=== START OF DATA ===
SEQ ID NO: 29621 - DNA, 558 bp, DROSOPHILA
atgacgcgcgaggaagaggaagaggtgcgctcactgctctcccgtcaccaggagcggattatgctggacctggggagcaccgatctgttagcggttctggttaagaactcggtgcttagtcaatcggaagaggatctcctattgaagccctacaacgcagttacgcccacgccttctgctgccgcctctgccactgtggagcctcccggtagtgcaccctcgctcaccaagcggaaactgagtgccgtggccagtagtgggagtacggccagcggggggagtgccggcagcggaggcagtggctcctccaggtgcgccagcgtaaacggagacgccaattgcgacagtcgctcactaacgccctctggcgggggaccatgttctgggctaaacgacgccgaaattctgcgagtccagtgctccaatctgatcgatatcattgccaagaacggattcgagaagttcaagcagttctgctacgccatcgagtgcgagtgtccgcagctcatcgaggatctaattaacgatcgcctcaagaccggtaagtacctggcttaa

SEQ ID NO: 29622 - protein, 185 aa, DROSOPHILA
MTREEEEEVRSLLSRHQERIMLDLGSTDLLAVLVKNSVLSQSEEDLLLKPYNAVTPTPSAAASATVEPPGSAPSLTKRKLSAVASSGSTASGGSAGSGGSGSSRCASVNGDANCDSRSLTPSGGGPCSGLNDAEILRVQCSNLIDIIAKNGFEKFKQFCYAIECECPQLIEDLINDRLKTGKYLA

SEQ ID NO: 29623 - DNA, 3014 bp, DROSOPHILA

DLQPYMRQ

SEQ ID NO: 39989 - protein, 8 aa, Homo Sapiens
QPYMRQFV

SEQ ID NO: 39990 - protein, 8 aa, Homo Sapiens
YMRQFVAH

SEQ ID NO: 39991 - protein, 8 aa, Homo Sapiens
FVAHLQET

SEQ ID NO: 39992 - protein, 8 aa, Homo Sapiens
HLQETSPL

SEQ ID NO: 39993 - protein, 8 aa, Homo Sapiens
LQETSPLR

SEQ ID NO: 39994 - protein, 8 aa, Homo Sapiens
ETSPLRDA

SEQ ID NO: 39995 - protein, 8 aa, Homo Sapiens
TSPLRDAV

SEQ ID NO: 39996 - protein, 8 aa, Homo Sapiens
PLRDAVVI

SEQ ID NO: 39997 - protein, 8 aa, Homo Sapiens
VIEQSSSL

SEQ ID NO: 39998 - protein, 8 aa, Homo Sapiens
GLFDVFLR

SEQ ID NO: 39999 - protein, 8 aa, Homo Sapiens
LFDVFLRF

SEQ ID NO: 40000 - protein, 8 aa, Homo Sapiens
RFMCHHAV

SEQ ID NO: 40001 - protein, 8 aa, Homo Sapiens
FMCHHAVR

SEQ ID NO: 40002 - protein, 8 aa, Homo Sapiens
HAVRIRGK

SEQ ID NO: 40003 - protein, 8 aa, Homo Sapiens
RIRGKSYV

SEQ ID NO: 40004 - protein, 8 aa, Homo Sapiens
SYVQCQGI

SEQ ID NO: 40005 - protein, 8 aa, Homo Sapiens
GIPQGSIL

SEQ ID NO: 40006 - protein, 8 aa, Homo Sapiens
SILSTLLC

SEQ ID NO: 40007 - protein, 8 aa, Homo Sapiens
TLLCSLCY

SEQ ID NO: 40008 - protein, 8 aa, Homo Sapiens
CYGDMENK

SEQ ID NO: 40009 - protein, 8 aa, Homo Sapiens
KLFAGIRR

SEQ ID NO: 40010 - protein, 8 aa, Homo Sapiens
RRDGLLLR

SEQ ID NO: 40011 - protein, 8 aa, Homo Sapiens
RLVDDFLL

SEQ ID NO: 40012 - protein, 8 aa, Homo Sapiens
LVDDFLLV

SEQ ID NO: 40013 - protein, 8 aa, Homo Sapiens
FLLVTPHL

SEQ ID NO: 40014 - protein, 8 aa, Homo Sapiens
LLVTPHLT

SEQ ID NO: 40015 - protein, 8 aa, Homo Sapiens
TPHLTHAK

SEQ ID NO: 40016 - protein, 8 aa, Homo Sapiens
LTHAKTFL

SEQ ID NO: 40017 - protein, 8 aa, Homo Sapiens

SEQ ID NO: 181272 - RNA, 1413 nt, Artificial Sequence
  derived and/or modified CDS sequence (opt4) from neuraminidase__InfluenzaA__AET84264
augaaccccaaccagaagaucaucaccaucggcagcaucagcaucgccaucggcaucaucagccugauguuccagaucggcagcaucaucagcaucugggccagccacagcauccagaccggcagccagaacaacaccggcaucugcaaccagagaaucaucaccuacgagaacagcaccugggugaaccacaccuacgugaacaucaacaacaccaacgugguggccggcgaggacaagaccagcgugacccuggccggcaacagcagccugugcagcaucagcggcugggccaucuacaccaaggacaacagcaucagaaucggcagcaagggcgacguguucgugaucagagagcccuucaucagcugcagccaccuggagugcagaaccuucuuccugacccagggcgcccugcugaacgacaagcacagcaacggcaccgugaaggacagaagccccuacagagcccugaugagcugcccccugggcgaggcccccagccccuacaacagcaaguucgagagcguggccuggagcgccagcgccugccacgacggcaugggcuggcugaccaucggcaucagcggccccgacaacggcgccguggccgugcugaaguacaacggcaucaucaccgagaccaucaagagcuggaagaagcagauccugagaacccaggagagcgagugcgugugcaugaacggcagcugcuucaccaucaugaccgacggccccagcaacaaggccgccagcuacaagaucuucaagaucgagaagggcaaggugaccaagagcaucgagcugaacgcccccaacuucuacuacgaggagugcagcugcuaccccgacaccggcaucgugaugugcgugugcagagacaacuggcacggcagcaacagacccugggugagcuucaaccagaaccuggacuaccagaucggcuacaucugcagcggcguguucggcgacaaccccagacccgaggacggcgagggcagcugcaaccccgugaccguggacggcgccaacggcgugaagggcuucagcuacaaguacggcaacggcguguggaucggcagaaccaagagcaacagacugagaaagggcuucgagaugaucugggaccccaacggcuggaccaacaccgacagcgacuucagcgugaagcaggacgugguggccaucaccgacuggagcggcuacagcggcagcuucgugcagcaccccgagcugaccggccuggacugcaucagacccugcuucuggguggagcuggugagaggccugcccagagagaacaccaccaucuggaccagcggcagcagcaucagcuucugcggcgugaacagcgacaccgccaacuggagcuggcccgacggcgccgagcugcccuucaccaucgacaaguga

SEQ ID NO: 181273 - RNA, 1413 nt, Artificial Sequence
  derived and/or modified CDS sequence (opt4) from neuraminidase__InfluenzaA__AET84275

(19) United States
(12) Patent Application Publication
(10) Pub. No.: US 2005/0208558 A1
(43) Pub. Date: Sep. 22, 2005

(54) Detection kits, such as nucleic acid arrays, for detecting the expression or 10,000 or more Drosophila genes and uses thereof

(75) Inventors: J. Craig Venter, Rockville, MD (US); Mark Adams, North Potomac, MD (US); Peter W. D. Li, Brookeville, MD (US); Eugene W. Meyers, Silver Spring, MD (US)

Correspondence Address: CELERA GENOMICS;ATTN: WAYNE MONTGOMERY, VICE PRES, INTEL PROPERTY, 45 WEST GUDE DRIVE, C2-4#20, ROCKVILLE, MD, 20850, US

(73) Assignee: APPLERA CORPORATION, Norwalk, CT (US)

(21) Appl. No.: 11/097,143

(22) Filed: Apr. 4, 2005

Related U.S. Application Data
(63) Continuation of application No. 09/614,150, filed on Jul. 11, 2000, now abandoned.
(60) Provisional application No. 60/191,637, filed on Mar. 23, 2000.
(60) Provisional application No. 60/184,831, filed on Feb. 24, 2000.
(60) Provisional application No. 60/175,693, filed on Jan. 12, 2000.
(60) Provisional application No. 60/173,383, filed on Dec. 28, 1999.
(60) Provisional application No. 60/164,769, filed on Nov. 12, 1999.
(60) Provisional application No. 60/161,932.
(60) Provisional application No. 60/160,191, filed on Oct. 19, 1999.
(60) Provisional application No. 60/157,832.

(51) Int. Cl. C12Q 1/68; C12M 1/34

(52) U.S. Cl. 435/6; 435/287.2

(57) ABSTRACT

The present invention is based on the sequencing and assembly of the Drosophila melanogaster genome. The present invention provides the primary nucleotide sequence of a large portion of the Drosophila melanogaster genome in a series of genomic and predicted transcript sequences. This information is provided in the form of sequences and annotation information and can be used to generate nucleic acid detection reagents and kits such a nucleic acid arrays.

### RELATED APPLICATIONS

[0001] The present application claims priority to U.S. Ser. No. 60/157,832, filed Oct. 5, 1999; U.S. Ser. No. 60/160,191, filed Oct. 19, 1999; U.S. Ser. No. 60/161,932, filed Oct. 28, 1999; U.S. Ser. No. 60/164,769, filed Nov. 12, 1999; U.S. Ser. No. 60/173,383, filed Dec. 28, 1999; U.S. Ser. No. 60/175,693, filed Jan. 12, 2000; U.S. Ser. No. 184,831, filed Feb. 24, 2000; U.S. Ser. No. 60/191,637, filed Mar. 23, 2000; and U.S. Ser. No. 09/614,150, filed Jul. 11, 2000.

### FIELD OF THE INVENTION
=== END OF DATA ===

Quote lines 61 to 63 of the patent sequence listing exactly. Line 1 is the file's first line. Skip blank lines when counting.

SEQ ID NO: 40016 - protein, 8 aa, Homo Sapiens
LTHAKTFL

SEQ ID NO: 40017 - protein, 8 aa, Homo Sapiens